The first part of the treatment I signed up for is over. No more chemotherapy. And so begins the work of recovery and healing. I have decided not to continue with the maintenance regime, an infusion of monoclonal antibodies that are currently on trial, every two months for the next two years. My immune system is severely compromised and, it turns out, has been for years since I had undiagnosed glandular fever in about 2007. The last thing I feel it needs is to be bombarded every two months with a drug that causes it to turn on itself and make me more susceptible to infection.
My oncologist of course believes that this drug will help. Maybe it would, maybe it wouldn’t. They don’t know and they don’t know what the side effects will be. After all, it’s being trialled. So I am going with my instinct. And my instinct tells me that by practising self-care in a way that I never have, I can rebuild my body and overcome this ‘incurable’ condition, or at least hold it at bay, and lead a happy and useful life for many years to come. Part of that self-care involves affirmations and positive thinking. Affirmations remind me that I am worthy of self-care.
According to Deepak Chopra, there are 53 trillion cells in our bodies, each of which resonates with our thoughts. When we have positive thoughts, those cells respond positively and strengthen in their functioning. If we have negative thoughts, the cells will react correspondingly and our negative thinking may lead to disease and other disorders. So if negative thoughts and emotions can cause disease, then surely the opposite can be true.
In a meditation I did today guided by Deepak, he had me express gratitude for each part of my body, for its perfection and the incredible work it does. And I was able to imagine every cell functioning perfectly right here, right now. And if I believe that is the case, maybe, just maybe, those cells will too. It might be true. I choose to think it is.
The Queen of overcoming negative thinking is Louise Hay. I aggressively mocked and scorned her and her devotees throughout my 20s and was quietly cynical in my 30s. When I got my diagnosis, I started reading her books You Can Heal Your Body and You Can Heal Your Life. After all, Louise healed her cancer through the positive power of affirmations. Her positivity and love enabled her to work closely with HIV positive men in the early 1980s when they were being shunned by everyone else.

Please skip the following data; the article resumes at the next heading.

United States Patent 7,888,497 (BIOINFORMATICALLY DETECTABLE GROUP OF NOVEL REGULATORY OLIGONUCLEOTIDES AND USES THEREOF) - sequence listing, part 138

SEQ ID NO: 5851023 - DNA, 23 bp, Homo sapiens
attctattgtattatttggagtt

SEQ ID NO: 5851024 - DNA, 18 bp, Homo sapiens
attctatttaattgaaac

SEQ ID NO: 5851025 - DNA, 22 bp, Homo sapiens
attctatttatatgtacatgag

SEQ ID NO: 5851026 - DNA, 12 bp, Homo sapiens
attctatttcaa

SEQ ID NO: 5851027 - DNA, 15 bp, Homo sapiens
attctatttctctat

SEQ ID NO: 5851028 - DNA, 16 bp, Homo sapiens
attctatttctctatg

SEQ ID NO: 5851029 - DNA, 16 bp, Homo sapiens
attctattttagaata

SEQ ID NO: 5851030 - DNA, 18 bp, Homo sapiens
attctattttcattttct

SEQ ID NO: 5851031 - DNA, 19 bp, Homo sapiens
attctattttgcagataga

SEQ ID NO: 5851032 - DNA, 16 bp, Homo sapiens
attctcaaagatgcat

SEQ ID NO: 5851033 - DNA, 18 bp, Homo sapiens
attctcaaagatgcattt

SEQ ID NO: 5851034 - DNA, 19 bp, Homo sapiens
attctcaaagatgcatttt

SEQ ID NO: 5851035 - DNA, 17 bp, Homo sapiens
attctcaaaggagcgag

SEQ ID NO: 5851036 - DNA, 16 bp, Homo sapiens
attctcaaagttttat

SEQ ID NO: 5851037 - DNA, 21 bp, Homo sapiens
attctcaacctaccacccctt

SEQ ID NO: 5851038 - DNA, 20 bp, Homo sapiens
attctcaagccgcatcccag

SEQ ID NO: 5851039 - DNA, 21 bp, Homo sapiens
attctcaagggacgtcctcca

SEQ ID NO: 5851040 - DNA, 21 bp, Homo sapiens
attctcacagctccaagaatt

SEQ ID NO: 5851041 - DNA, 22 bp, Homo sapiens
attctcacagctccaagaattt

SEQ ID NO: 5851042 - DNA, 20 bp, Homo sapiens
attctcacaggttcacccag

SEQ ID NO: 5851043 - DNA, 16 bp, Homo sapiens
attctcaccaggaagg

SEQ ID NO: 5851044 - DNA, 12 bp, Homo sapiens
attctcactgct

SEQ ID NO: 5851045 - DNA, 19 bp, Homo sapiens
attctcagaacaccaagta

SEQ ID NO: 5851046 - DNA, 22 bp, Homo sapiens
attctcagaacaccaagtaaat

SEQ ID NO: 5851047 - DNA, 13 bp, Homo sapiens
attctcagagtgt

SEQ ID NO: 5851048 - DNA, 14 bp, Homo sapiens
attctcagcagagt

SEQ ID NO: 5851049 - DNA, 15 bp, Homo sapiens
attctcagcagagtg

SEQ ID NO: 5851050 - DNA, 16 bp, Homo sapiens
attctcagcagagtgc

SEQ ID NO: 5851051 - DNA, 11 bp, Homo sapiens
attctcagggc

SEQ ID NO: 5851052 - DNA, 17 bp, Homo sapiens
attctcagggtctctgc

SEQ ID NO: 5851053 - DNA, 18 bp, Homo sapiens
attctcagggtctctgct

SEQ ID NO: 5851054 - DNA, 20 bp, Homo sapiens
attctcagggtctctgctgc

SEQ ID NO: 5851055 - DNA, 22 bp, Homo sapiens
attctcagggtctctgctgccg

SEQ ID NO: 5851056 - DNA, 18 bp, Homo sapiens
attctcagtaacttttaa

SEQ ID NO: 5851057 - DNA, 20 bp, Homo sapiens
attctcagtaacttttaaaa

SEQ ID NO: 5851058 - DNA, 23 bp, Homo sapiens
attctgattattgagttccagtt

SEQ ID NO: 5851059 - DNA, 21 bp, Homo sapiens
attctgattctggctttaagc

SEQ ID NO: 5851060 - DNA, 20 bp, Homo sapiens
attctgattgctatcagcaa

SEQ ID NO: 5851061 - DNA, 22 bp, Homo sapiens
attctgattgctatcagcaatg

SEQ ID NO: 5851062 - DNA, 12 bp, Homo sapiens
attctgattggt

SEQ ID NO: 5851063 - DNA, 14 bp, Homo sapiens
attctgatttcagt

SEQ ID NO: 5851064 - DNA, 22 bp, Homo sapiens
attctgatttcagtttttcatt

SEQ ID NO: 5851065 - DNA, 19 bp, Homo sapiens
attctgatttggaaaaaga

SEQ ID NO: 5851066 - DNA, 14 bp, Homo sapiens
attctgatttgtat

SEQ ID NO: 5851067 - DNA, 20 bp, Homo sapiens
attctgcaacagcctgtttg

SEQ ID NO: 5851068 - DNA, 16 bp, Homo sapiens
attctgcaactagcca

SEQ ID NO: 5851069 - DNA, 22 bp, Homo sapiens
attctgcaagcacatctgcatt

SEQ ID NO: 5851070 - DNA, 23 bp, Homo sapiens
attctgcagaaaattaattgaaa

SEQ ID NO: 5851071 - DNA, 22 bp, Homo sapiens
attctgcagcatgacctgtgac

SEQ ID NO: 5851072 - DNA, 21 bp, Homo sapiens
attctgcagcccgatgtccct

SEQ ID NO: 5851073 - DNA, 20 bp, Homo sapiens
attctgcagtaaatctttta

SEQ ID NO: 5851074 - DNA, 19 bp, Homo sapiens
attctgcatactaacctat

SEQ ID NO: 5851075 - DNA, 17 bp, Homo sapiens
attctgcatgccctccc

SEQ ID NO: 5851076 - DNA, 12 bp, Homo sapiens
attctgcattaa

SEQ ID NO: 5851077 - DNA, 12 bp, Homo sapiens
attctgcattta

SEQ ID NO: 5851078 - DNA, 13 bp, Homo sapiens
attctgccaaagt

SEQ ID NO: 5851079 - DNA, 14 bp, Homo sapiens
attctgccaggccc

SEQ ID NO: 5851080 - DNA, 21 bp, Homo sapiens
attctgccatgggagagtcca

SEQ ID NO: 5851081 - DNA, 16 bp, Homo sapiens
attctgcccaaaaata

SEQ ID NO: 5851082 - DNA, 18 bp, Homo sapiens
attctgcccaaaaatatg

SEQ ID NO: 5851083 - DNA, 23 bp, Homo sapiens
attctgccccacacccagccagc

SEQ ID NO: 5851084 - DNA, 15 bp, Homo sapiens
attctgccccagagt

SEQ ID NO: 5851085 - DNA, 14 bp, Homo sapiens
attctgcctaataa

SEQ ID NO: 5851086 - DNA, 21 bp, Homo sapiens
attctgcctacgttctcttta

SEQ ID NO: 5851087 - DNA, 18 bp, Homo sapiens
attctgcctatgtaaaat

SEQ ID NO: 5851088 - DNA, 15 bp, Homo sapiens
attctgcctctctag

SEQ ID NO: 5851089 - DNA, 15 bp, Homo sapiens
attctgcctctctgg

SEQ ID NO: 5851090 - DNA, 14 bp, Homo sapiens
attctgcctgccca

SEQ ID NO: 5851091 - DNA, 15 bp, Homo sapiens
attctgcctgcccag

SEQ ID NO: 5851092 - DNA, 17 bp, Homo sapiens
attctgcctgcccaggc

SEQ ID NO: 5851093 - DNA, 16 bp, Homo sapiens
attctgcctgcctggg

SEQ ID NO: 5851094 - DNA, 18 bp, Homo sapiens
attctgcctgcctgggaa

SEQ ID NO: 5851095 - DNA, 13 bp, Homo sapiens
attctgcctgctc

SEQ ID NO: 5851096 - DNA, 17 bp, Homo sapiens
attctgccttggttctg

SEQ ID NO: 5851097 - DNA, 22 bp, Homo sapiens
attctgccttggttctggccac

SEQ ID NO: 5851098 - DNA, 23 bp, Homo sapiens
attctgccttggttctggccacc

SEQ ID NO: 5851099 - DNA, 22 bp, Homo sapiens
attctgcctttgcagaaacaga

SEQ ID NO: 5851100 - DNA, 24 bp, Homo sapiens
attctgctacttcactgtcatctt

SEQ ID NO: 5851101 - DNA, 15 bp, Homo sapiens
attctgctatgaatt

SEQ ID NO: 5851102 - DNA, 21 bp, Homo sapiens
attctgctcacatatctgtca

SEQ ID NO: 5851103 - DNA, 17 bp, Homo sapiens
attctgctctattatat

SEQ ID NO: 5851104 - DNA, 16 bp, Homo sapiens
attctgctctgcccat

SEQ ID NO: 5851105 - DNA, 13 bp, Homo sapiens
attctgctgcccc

She offers up affirmations for every imaginable condition and hurt we might have experienced. I now have her affirmations up over my wardrobe mirror. My screen saver on the computer I am sitting at to write this tells me:
“I am perfectly happy to be me. I am good enough just as I am. I love and approve of myself. I am joy expressing and receiving.”
Affirmations remind me to be positive. To seize the opportunities that arise. To say “yes” even when it might have once scared me. To allow things to manifest and unfold the way the Universe would have it be.
My first thought on receiving my diagnosis was that a childhood issue I had not taken serious steps to confront and resolve had eaten away at me and the cancer was the result. I still believe that. And so would Louise Hay. Her observation about cancer is that its probable cause is “a deep hurt, a longstanding resentment or a deep secret or grief eating away at oneself.” Problems with lymphs arise because of a failure to be focussed on the two essentials of life – Love and Joy.
I agree in my case. I can’t speak for others although Ian Gawler also advocates that people diagnosed with cancer practise positive thinking to overcome past and unresolved hurts. This suggests that it might be the case for many. But for me, it meant that I didn’t fall into self pity or ask why this happened to me. I knew in my heart why and luckily, thanks to the Hoffman Process I attended late last year, I was already healing on a profound level by the time the lymphoma was diagnosed.
I have been building on that healing by reminding myself daily that I am not only loved, but entirely loveable. I am perfect just as I am. A human being, rather than a human doing as they say. With an essential part of me that is love just like each of you has an essential part of you that is love and divine. And I remind those around me just how much I love them too. They are also perfect.
And now I see my diagnosis as a gift. It has given me space and time to explore my perfect self through meditation and self-care at a level in a way I’ve never allowed myself. Not to mention the dietary change which has me preparing healthy nutritious meals because I deserve health and vitality. And I firmly believe that my work here is not done. It’s just beginning. So I’m very positive about this journey and that gives me hope.
And so be it.
 Interestingly, the Epstein Barr virus that causes glandular fever also seems to be a possible trigger for follicular lymphoma, which was my diagnosis this year.